Grand Piano (2013)

Genres - Thriller  |   Sub-Genres - Psychological Thriller  |   Release Date - Mar 7, 2014 (USA - Limited)  |   Run Time - 86 min.  |   Countries - Spain   |   MPAA Rating - R
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Review by Jack Rodgers

If there's one major takeaway from Grand Piano, it's that Hollywood should make director Eugenio Mira its go-to guy when it comes to high-concept thrillers. The movie is based on a ridiculous premise (more on that in a second) and takes place mostly in a single location, yet it manages to deliver a slick, entertaining night out at the theater based on nothing but pure style and a propulsive plot.

Tom Selznick (Elijah Wood) is a famous concert pianist who hasn't played in public in five years -- he had a meltdown during his last performance while trying to tackle an allegedly impossible piece, which was composed by his eccentric mentor Godureaux. Now he's about to reenter the limelight with a high-profile concert, his movie-star wife (Kerry Bishé) watching him from the balcony, and every person he encounters wants to know if he's afraid of choking (we're thankfully spared the scene where Tom runs into someone viewing his past failure on YouTube, which has become the hack screenwriter's shorthand for "public humiliation"). An already nerve-racking challenge is made surreally worse when, while on-stage, Tom realizes that his sheet music is covered with threatening messages, stating that if he misses one note he'll be killed. Soon he's communicating via earpiece with an unseen madman with a sniper rifle, who tells him that he must attempt the impossible piece again or he and his wife are dead.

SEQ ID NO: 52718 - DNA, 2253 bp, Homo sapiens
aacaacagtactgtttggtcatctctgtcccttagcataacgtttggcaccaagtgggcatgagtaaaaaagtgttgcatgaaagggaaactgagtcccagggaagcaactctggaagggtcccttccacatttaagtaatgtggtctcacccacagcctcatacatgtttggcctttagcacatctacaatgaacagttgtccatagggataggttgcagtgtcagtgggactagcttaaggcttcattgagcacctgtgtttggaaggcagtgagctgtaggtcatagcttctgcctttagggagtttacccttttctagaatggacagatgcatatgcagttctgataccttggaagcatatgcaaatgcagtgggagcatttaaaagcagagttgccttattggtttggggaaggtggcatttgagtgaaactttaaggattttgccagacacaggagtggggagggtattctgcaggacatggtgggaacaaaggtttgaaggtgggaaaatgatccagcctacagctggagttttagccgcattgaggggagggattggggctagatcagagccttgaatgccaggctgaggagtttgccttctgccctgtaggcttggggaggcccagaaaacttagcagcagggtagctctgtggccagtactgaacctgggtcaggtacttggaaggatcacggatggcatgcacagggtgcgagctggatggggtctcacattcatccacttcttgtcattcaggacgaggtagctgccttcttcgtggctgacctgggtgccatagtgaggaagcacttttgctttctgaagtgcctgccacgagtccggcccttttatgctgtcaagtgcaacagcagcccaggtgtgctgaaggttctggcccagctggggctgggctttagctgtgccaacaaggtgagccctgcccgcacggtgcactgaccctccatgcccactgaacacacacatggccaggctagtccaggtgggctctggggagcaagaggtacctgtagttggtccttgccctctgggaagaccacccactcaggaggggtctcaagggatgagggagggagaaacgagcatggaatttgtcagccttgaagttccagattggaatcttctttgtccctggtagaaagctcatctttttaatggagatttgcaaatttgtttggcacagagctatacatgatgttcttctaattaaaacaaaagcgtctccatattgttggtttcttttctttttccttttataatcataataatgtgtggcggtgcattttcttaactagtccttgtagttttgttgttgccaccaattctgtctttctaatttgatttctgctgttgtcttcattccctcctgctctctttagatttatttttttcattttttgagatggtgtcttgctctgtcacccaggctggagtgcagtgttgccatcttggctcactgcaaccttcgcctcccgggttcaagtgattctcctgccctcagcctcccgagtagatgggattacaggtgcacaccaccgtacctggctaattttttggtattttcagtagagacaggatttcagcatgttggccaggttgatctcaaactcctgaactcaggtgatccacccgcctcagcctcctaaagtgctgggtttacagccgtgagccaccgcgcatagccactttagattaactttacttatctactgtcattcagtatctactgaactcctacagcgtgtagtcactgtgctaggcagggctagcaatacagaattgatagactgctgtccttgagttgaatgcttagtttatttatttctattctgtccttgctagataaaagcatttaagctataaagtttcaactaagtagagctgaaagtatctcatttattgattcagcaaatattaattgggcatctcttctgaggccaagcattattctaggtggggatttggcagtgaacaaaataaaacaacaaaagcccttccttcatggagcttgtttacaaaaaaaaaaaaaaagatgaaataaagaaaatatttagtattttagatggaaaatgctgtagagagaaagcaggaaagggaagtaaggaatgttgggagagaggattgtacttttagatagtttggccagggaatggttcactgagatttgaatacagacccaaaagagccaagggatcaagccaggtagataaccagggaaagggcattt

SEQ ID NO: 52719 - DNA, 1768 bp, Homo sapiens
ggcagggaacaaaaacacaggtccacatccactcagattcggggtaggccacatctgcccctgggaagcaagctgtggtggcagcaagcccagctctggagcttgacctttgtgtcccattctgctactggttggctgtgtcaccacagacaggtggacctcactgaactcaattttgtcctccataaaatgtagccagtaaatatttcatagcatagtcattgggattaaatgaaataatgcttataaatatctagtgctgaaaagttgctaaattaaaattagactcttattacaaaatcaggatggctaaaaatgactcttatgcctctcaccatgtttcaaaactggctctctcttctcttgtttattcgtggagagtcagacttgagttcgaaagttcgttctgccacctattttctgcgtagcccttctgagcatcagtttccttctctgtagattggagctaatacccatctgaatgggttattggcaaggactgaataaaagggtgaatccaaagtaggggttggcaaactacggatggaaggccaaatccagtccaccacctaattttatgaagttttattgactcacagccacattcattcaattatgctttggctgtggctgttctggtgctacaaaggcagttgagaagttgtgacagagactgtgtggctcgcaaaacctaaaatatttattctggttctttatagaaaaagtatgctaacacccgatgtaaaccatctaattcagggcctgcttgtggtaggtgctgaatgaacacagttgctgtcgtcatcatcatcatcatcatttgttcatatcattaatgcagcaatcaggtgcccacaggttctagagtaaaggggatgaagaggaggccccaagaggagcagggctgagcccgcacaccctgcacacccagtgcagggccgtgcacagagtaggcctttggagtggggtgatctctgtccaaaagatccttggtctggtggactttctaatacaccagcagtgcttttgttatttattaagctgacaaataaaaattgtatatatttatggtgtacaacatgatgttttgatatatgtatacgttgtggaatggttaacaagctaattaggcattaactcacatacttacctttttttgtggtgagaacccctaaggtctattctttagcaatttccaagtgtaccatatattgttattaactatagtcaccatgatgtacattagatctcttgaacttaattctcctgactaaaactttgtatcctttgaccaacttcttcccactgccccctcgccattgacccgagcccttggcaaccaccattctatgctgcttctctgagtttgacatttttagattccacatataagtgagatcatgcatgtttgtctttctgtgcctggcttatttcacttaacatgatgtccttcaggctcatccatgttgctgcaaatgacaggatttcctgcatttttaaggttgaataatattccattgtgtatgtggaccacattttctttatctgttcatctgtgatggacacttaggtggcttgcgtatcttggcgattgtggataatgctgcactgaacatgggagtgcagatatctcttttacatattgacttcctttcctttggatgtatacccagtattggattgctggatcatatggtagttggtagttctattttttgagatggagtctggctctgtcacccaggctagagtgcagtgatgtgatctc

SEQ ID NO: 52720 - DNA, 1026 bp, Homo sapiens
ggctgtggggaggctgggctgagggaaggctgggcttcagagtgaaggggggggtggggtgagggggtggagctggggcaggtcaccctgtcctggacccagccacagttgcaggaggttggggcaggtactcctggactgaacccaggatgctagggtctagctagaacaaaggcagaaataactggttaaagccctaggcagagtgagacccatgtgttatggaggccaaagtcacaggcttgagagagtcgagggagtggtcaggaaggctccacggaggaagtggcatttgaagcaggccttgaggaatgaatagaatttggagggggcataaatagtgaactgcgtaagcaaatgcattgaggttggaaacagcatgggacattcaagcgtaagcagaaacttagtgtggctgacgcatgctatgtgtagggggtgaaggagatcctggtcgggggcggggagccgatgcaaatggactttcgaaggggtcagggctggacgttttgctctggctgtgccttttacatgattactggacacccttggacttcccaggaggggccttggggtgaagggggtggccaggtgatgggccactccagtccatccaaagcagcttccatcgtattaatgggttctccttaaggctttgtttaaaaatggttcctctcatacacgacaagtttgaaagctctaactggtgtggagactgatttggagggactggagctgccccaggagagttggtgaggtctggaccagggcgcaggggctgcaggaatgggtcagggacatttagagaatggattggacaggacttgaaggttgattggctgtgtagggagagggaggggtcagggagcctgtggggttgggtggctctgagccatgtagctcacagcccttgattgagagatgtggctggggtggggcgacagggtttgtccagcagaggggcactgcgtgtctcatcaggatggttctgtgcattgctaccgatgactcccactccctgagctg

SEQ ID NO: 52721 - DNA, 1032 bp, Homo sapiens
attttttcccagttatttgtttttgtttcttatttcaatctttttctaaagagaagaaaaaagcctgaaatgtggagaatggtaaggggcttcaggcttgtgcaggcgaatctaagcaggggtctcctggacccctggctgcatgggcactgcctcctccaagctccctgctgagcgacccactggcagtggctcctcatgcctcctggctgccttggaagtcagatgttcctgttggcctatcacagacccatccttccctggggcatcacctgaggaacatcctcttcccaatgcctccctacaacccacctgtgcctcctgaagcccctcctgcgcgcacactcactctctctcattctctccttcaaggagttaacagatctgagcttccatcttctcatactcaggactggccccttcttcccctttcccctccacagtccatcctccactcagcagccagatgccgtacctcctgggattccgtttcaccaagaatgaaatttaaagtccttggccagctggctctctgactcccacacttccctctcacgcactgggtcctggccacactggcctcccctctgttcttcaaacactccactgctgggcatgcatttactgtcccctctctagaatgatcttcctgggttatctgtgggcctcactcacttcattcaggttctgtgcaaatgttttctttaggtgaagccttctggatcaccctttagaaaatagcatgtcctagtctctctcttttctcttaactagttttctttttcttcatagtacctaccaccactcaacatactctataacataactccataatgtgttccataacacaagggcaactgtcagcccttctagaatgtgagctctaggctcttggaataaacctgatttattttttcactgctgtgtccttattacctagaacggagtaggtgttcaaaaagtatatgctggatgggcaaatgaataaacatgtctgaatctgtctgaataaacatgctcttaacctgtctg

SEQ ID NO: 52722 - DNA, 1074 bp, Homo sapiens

Which raises a fascinating question: Why on earth would a criminal mastermind care so much about whether Tom delivers a flawless comeback performance? The answer, alas, is pretty contrived and doesn't live up to the initial mystery (without giving too much away, it's connected to the missing fortune of the now deceased Godureaux), but Grand Piano is smart enough not to get hung up on the plot details underlying its high-concept premise. What's more important than the villain's motivation for his evil scheme is the pressure it places on the already terrified Tom, and in that respect, the concept of an "impossible" musical composition is a canny move on the part of screenwriter Damien Chazelle: It simultaneously clarifies the difficulty of Tom's task for an audience that might know little about classical music and gives him a personal stake in this challenge, all while setting up an intriguing dilemma -- how can he foil his tormentor's plans without botching the piece again in front of an audience?

Elijah Wood is very good in a role that demands a lot of him: He's the focus of almost every scene in the movie, and spends a long stretch of the running time essentially acting by himself while Tom converses with the voice on the other end of the earpiece. And he does much of this as his character is playing the piano -- while a professional pianist was no doubt used for some shots, the effect is seamless and never less than convincing.

That voice on the other end, by the way, belongs to John Cusack, who only shows up in person during the film's action climax. He's something of an odd choice for the villain -- how far down on the list of creepy character actors did the casting team get before they hit his name? Is Christoph Waltz too expensive for these roles now? Michael Shannon too much of a cliché? -- but he's effective playing against type. The rest of the cast are fine, although everyone is portraying a plot device rather than a character: the endangered wife, the henchman, the victims whose deaths escalate the threat, etc.

The real star here is director Mira, who supplies enough momentum and visual flair to make even sequences of Tom running through backstage hallways feel like something important is happening. There are occasional bits of in-your-face gimmickry -- a De Palma-esque split screen during a murder, a tight close-up of Tom with the background an abstract swirl of color as he comprehends the situation he's trapped in -- but Mira wisely doesn't rely on them too much; he understands that a high-concept premise only works if it feels grounded in reality. Which is pretty remarkable, when you think about it: He made a movie that's basically Speed with a piano feel believable, and you can't offer higher praise than that.